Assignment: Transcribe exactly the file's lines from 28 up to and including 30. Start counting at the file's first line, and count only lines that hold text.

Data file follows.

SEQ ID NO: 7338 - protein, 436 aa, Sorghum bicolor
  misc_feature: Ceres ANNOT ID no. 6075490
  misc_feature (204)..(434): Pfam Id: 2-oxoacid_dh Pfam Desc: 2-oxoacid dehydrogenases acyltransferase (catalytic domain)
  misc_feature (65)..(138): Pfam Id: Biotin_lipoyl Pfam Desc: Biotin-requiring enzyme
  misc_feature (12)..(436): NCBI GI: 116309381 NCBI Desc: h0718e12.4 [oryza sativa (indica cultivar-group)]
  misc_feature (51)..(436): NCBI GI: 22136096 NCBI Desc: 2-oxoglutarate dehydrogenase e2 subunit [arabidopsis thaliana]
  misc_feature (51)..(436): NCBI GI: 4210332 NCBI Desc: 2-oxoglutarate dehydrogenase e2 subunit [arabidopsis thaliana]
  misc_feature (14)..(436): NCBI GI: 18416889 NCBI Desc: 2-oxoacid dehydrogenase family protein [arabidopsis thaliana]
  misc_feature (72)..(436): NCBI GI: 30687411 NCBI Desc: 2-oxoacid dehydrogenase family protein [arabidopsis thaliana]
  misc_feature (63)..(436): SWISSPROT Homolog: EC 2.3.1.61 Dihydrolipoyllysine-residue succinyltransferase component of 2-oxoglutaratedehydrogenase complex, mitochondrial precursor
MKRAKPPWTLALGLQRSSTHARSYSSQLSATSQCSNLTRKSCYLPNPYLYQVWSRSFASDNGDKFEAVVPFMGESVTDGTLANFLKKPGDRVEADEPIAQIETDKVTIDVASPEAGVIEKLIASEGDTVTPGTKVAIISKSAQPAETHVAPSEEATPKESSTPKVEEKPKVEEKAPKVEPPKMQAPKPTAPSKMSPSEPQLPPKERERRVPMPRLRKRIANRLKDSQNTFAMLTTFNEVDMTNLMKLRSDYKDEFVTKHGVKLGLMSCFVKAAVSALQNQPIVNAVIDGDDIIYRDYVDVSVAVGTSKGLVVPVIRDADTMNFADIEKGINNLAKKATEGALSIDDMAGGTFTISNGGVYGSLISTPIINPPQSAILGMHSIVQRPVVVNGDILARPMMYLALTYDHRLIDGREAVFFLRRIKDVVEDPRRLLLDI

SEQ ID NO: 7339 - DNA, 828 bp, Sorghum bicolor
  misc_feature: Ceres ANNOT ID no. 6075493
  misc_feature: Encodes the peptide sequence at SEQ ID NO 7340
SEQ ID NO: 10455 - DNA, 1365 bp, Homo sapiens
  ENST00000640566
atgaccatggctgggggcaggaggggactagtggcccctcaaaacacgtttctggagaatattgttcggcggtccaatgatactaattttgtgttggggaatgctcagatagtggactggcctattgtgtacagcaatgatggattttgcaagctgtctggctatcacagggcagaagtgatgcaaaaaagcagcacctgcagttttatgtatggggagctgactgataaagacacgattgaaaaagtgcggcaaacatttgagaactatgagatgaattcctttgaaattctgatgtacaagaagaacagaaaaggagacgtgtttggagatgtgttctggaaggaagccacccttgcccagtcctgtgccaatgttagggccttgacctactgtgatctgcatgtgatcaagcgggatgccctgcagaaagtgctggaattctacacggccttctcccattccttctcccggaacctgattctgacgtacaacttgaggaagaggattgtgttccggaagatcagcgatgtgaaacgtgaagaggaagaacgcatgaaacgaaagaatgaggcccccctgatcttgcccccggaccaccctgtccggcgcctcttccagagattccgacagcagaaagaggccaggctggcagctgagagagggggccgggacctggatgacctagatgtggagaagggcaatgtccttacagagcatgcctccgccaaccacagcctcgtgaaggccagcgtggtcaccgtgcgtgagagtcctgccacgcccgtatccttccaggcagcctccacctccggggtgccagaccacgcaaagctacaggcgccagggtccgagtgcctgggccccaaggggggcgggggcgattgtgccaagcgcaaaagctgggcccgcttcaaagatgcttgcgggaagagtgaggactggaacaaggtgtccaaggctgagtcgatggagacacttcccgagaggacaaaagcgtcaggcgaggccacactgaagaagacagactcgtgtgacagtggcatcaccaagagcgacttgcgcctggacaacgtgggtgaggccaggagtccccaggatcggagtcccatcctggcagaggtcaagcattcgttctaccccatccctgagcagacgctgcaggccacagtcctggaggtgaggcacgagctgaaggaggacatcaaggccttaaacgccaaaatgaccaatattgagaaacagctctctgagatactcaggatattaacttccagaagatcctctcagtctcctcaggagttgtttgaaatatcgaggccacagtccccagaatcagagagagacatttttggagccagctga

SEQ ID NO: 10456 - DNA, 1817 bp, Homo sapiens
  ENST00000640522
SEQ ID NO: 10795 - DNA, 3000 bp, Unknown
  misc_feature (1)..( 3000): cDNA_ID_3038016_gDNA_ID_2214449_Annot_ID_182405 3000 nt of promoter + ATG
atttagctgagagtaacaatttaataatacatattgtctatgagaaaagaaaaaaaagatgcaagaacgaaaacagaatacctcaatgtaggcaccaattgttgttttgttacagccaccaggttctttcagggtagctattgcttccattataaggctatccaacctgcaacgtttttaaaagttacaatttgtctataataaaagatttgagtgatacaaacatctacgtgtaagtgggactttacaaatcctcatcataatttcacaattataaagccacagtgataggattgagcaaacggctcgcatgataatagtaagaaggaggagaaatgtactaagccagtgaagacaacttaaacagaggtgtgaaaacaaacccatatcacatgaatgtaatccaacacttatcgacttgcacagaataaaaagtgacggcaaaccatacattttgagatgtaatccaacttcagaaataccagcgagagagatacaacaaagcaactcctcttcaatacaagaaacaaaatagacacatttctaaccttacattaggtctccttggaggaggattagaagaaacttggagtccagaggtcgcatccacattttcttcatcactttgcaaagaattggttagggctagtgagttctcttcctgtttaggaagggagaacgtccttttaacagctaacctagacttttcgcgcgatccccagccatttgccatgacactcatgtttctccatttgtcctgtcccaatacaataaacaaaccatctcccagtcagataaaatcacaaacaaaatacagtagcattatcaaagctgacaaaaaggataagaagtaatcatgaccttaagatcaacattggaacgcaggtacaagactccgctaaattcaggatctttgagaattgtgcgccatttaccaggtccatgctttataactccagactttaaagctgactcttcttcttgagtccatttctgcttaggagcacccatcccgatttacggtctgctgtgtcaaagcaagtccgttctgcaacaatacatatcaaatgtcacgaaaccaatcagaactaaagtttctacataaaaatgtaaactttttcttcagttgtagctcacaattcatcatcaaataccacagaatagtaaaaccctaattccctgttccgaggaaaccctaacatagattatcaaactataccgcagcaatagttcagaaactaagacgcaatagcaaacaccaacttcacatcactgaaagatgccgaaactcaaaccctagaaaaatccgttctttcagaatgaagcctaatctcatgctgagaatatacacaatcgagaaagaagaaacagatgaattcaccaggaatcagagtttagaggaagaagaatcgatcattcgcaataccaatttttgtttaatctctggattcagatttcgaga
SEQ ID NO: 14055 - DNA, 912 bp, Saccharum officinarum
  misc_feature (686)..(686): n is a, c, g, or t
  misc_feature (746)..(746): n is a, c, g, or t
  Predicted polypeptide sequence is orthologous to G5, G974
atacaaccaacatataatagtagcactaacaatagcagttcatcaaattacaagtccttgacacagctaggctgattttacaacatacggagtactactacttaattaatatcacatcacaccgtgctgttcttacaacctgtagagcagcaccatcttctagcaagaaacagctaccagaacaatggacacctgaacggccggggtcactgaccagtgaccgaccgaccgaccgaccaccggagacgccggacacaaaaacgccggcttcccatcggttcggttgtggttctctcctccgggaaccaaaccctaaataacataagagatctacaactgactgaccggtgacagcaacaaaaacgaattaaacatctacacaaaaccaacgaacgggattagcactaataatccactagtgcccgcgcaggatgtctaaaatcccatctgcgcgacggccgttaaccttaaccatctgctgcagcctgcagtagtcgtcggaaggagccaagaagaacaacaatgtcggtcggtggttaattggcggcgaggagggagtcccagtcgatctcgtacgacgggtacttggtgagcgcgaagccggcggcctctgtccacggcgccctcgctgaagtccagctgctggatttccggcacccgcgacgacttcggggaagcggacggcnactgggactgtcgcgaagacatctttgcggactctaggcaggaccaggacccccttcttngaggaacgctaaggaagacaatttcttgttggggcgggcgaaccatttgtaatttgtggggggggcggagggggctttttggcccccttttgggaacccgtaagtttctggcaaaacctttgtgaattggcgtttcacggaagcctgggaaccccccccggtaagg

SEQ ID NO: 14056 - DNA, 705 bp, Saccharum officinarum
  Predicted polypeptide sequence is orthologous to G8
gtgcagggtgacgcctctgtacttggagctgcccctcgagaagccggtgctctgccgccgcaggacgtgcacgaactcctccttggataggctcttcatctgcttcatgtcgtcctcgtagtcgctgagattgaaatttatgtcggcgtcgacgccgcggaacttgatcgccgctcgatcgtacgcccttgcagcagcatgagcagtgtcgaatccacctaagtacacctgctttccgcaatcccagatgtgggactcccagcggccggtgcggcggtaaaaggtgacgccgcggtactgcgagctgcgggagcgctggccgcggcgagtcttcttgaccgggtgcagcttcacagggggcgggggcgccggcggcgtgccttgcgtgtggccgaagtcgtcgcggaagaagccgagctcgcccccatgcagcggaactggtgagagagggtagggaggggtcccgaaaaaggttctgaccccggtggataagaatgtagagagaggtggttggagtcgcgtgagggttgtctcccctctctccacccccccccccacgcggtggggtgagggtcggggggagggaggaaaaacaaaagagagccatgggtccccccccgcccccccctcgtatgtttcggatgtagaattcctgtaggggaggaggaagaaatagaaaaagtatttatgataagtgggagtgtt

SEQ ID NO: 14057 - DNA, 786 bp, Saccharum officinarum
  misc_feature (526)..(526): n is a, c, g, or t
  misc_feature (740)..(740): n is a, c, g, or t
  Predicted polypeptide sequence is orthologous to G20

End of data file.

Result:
SEQ ID NO: 14056 - DNA, 705 bp, Saccharum officinarum
  Predicted polypeptide sequence is orthologous to G8
gtgcagggtgacgcctctgtacttggagctgcccctcgagaagccggtgctctgccgccgcaggacgtgcacgaactcctccttggataggctcttcatctgcttcatgtcgtcctcgtagtcgctgagattgaaatttatgtcggcgtcgacgccgcggaacttgatcgccgctcgatcgtacgcccttgcagcagcatgagcagtgtcgaatccacctaagtacacctgctttccgcaatcccagatgtgggactcccagcggccggtgcggcggtaaaaggtgacgccgcggtactgcgagctgcgggagcgctggccgcggcgagtcttcttgaccgggtgcagcttcacagggggcgggggcgccggcggcgtgccttgcgtgtggccgaagtcgtcgcggaagaagccgagctcgcccccatgcagcggaactggtgagagagggtagggaggggtcccgaaaaaggttctgaccccggtggataagaatgtagagagaggtggttggagtcgcgtgagggttgtctcccctctctccacccccccccccacgcggtggggtgagggtcggggggagggaggaaaaacaaaagagagccatgggtccccccccgcccccccctcgtatgtttcggatgtagaattcctgtaggggaggaggaagaaatagaaaaagtatttatgataagtgggagtgtt